• Next, offer some critical background on your topic–this is the conversation you hope to answer. You should make the theoretical or methodological foundation for your paper clear, and also describe the more specific critical conversation surrounding your chosen topic / texts in a way that makes room for your own argument. I call this part of your paper the expanded “Conversational Thesis”–essentially a map and mirror of the research conversation you will build through your research. You shouldn’t name actual critics here–just give a sense of the contours of the conversation by using phrases that provide a more general identity for the participants in the conversation.
  • Next, formulate a tentative—but pointed and specific—hypothesis. The goal here is both to join and extend an ongoing conversation related to your chosen text.  A tentative hypothesis–a preview of what you hope to argue–will be a tool you use to direct and refine your subsequent, and to help guide your own contribution to this conversation. Be ready to change and mold your hypothesis as you research and think more deeply about your topic. Together, the conversational thesis and the hypothesis form what I call “Dueling Thesis Statements“–which form a crucial building block of any extended research project. You can refer to these templates for building your Dueling Ts.
  • At the end of your proposal, articulate, in a fresh way, the purpose or goal of this research.  Do your best to convey a sense of urgency and importance and interest. How does your project ask us to think–or even act–differently? What are its broader implications? What is at stake here? You can also be personal here: what drew you to the project? Why is it exciting to you? What qualifications do you bring to the project?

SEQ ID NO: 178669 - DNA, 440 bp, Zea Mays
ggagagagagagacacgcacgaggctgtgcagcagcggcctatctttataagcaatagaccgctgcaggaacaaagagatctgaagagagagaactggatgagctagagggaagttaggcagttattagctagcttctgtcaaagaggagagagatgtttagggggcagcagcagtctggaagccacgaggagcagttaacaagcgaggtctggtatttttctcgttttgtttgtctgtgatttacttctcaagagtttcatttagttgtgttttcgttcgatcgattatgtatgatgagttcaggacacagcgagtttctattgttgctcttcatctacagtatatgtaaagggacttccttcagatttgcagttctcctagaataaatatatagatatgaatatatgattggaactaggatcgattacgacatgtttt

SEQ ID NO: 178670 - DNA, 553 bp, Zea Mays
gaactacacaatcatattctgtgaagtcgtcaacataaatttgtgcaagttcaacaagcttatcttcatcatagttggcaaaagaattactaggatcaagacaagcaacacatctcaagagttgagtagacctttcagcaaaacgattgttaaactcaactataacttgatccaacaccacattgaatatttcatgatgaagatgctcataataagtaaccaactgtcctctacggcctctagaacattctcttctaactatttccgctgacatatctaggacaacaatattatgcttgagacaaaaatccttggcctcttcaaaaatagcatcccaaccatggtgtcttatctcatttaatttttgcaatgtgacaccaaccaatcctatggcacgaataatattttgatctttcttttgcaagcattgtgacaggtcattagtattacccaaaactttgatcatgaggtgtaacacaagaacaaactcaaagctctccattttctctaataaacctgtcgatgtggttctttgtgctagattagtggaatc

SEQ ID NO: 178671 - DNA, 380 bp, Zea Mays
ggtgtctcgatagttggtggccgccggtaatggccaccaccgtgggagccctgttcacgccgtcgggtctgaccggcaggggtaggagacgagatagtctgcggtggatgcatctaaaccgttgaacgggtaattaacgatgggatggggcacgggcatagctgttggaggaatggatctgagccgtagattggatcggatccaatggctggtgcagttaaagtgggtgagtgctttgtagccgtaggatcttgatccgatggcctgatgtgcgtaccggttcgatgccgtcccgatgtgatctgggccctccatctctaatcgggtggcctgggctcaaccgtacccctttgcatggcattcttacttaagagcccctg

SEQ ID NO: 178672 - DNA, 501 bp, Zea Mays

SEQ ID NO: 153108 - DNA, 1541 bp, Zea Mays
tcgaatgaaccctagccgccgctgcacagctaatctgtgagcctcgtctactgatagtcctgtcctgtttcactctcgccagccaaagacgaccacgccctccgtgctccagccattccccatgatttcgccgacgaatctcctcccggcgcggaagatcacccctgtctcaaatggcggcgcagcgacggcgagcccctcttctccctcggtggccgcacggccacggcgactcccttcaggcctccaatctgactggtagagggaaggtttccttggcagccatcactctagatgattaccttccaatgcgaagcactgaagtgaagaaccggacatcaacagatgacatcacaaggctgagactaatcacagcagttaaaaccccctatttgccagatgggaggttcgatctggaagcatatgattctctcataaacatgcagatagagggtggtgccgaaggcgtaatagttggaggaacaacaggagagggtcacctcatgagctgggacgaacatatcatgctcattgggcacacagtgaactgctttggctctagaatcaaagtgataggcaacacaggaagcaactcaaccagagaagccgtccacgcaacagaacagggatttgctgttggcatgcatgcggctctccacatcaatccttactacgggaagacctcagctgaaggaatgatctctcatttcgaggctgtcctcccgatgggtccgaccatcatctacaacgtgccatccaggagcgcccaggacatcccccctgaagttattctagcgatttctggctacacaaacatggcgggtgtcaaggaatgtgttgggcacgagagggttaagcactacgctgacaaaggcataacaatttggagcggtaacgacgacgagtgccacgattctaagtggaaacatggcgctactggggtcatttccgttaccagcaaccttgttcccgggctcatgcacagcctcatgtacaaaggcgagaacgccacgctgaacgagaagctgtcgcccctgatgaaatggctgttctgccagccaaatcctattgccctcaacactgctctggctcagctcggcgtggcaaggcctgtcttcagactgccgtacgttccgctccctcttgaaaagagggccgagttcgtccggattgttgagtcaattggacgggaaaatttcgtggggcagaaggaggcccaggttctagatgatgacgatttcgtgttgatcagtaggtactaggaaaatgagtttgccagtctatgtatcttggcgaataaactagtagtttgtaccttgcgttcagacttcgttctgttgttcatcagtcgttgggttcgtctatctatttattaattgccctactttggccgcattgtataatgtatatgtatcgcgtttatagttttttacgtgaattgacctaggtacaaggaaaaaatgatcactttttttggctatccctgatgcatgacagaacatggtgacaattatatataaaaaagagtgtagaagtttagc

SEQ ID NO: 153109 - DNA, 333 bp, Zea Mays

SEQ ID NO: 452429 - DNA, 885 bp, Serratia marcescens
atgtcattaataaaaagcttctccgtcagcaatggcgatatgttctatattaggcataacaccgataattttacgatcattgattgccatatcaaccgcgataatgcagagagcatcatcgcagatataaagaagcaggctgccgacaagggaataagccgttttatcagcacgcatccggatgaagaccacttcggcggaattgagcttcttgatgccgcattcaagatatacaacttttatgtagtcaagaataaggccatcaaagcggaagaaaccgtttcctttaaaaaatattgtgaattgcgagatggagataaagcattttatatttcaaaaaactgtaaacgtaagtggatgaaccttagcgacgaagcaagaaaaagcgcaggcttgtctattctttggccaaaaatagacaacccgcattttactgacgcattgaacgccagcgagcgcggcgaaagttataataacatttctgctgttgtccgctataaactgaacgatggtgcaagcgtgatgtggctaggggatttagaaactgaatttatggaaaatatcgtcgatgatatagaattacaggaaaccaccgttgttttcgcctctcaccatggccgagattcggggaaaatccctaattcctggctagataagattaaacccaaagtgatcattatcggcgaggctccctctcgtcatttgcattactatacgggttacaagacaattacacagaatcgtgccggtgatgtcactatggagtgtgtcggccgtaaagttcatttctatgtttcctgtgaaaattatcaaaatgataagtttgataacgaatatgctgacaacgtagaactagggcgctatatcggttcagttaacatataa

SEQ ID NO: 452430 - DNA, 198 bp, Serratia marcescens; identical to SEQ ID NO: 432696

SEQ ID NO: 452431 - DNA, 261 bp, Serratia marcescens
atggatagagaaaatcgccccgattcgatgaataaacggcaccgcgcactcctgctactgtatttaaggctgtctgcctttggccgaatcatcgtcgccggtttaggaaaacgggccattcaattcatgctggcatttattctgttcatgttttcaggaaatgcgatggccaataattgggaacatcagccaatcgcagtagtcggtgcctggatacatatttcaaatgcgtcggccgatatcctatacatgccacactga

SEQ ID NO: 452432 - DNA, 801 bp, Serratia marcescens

Note that this project does not include a separate annotated bibliography. I hope you begin the mini-module by offering a justification for the texts you chose, and also gesturing towards the broader body of research you’ve begun to explore

The only difference between this project and a typical research paper is that it will be multi-modal, composed for the web, and will use links, images, and so on, as necessary. But but beyond this slight innovation on the classic term-paper model, I am open to other final project options that align with your own strengths, pedagogical interests, creative pursuits, and so on. So much fo the Post-1945 American Poetry we have read in this class seemed to heed a call for innovation–for finding new modes of expression, new forms, new ways of reaching audiences, and even new ways of inhabiting old forms. The final project in this course is modeled on a similar call to innovate and create. Other options include:

  • A longer podcast or series of shorter podcasts exploring some of the poetries we have discussed this semester.
  • A substantial creative project grounded in research into a specific school or mode.
  • A lesson plan tailored for a target audience with an accompanying reflective essay.

I will work with you to negotiate what what a substantial equivalent of a 15-17 page research paper might be. All projects–even traditional papers–will be presented digitally on the course website, and so will involve some multi-modal elements.